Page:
“Knowledge is the foundation of all sales success,” hospitality expert Bob Brown said during a presentation Sunday at the National Restaurant Association Show's BAR 17 expo in Chicago. In a session entitled, “Turn Your Staff into Beverage Sales Superstars,” Brown outlined strategies that restaurant owners and managers can use to boost check averages and increase customer satisfaction. Knowledge -- both of the menu and the customers -- is at the heart of each of the key takeaways that Brown outlined.
Don’t ask, suggest
Yes-or-no questions aren’t an ideal way for servers to interact with customers, said Brown, who recommends using a series of suggestions to guide diners through the meal. Instead of asking “can I take your order?” servers should suggest a variety of drink options after they greet a table of customers. Describing a few options -- such as a couple signature cocktails, a beer and a red and a white wine -- takes less than a minute but can provide enough information to help diners make a choice.
“Order-takers sell slower and less, sellers sell faster and more,” said Brown, whose guidance has helped brands including Olive Garden, Red Lobster and Disney, which increased restaurant sales by $66 million after adopting his methods.
The suggestion technique is also crucial at the end of the meal, when servers should avoid the cliched query, “did you save room for dessert?” and instead aim to entice customers by describing a few dessert selections and other end-of-meal options like coffee drinks and cordials.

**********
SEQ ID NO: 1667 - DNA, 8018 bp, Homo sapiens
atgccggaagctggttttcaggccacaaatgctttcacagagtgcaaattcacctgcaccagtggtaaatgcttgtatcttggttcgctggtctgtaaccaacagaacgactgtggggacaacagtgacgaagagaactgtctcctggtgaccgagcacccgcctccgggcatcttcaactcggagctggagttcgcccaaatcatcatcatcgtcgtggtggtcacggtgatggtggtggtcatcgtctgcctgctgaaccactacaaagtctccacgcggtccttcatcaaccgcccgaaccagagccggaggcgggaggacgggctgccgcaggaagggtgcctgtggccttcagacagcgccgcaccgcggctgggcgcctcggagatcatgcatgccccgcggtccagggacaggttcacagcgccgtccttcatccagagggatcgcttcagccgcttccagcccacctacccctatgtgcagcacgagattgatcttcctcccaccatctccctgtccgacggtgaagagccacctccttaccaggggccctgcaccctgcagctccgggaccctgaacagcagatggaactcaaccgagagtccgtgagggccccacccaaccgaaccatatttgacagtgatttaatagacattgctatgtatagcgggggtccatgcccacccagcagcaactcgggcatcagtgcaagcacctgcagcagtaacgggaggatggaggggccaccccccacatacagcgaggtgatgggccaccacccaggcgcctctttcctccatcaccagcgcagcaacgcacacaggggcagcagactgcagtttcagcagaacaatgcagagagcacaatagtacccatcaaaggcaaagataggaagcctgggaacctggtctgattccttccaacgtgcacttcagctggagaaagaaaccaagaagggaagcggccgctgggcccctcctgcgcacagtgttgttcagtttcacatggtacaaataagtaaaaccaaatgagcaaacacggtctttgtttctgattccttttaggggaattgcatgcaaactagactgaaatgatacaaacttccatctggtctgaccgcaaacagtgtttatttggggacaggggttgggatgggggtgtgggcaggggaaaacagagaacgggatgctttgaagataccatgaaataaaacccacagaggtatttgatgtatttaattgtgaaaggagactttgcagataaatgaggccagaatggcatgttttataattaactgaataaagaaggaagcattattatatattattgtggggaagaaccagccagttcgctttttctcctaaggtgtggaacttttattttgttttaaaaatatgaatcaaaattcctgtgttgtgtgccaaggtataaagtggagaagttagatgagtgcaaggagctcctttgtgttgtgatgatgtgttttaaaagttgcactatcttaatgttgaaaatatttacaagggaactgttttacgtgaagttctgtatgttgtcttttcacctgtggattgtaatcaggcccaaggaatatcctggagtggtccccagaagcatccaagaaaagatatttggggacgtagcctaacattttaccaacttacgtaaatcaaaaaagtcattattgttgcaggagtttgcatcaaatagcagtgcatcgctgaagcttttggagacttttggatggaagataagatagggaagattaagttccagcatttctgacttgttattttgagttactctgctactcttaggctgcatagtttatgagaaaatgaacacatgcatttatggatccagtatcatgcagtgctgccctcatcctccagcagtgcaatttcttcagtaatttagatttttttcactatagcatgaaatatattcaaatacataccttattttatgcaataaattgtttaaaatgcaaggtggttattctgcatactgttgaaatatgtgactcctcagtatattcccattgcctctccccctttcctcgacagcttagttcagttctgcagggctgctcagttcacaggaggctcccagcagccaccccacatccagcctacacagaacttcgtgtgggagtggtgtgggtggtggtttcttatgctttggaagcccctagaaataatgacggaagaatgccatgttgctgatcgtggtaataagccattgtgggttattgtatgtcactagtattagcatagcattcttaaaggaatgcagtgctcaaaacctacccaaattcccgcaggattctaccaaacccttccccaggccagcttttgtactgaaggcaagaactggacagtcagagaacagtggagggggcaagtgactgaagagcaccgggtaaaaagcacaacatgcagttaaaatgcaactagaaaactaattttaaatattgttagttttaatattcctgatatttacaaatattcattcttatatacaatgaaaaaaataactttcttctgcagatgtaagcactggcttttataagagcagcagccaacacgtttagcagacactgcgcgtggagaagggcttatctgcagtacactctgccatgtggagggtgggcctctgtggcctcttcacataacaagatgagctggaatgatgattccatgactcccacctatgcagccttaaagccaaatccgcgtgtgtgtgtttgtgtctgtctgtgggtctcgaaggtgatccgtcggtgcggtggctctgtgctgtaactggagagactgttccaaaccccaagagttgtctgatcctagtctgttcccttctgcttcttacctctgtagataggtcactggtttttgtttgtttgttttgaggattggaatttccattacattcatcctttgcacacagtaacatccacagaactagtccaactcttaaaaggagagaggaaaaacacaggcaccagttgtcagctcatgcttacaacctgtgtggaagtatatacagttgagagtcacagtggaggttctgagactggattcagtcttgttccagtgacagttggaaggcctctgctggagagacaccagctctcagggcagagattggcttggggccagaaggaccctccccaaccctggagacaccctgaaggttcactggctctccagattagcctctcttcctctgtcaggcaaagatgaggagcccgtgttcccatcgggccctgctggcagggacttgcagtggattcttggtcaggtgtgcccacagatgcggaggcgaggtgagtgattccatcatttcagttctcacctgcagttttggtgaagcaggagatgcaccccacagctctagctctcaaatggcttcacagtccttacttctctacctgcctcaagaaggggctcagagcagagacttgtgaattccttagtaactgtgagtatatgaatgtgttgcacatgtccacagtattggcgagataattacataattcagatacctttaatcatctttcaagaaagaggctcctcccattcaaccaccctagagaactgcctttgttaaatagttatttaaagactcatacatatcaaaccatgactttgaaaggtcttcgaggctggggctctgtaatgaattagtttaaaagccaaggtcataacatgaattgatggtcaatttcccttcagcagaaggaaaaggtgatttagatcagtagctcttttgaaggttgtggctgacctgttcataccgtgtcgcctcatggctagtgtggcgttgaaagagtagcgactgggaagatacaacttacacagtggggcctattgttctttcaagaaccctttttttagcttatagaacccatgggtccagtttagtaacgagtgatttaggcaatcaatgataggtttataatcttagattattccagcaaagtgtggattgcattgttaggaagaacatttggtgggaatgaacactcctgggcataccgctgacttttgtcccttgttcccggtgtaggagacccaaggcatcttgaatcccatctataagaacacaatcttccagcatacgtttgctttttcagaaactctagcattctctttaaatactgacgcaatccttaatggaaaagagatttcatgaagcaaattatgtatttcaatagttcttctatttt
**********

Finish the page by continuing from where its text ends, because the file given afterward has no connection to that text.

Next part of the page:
Take diners on a tour of the menu
In addition to suggesting beverages and dishes, servers should point out their location on the menu, taking diners on a tour of the menu section by section. This technique allows servers to guide the guests and help them design a meal. Simply describing one item from each section gives customers an overview of all the options and allows servers to offer advice on which dishes might be good to share amongst the group or what items pair well together.
“The most dangerous thing a waiter can do is leave the guest with the menu too long,” Brown said. “If you can get your waiters to be fluent enough to suggest beverages and food at the same time, they never leave the guest alone. If I...give a tour I get all kinds of feedback about what people like and what they don’t like.”
The power of “by the way”
Becoming an expert at upselling can obviously help servers boost check averages, but it requires finesse. Brown is a strong believer in the phrase, “by the way,” which he said can help servers upsell without seeming pushy. If a customer orders a vodka tonic without specifying a brand of vodka, saying “we have a great selection of vodkas which include Grey Goose, Ketel One, Belvedere, Absolut…” presents a range of premium choices but doesn’t make the customer feel as if he or she is being manipulated.
Also key to making customers feel at ease is a server’s attitude. Menu knowledge and savvy sales tactics need to backed up with enthusiasm, said Brown, who stressed the importance of speaking in a loud, clear voice and being mindful of body language.
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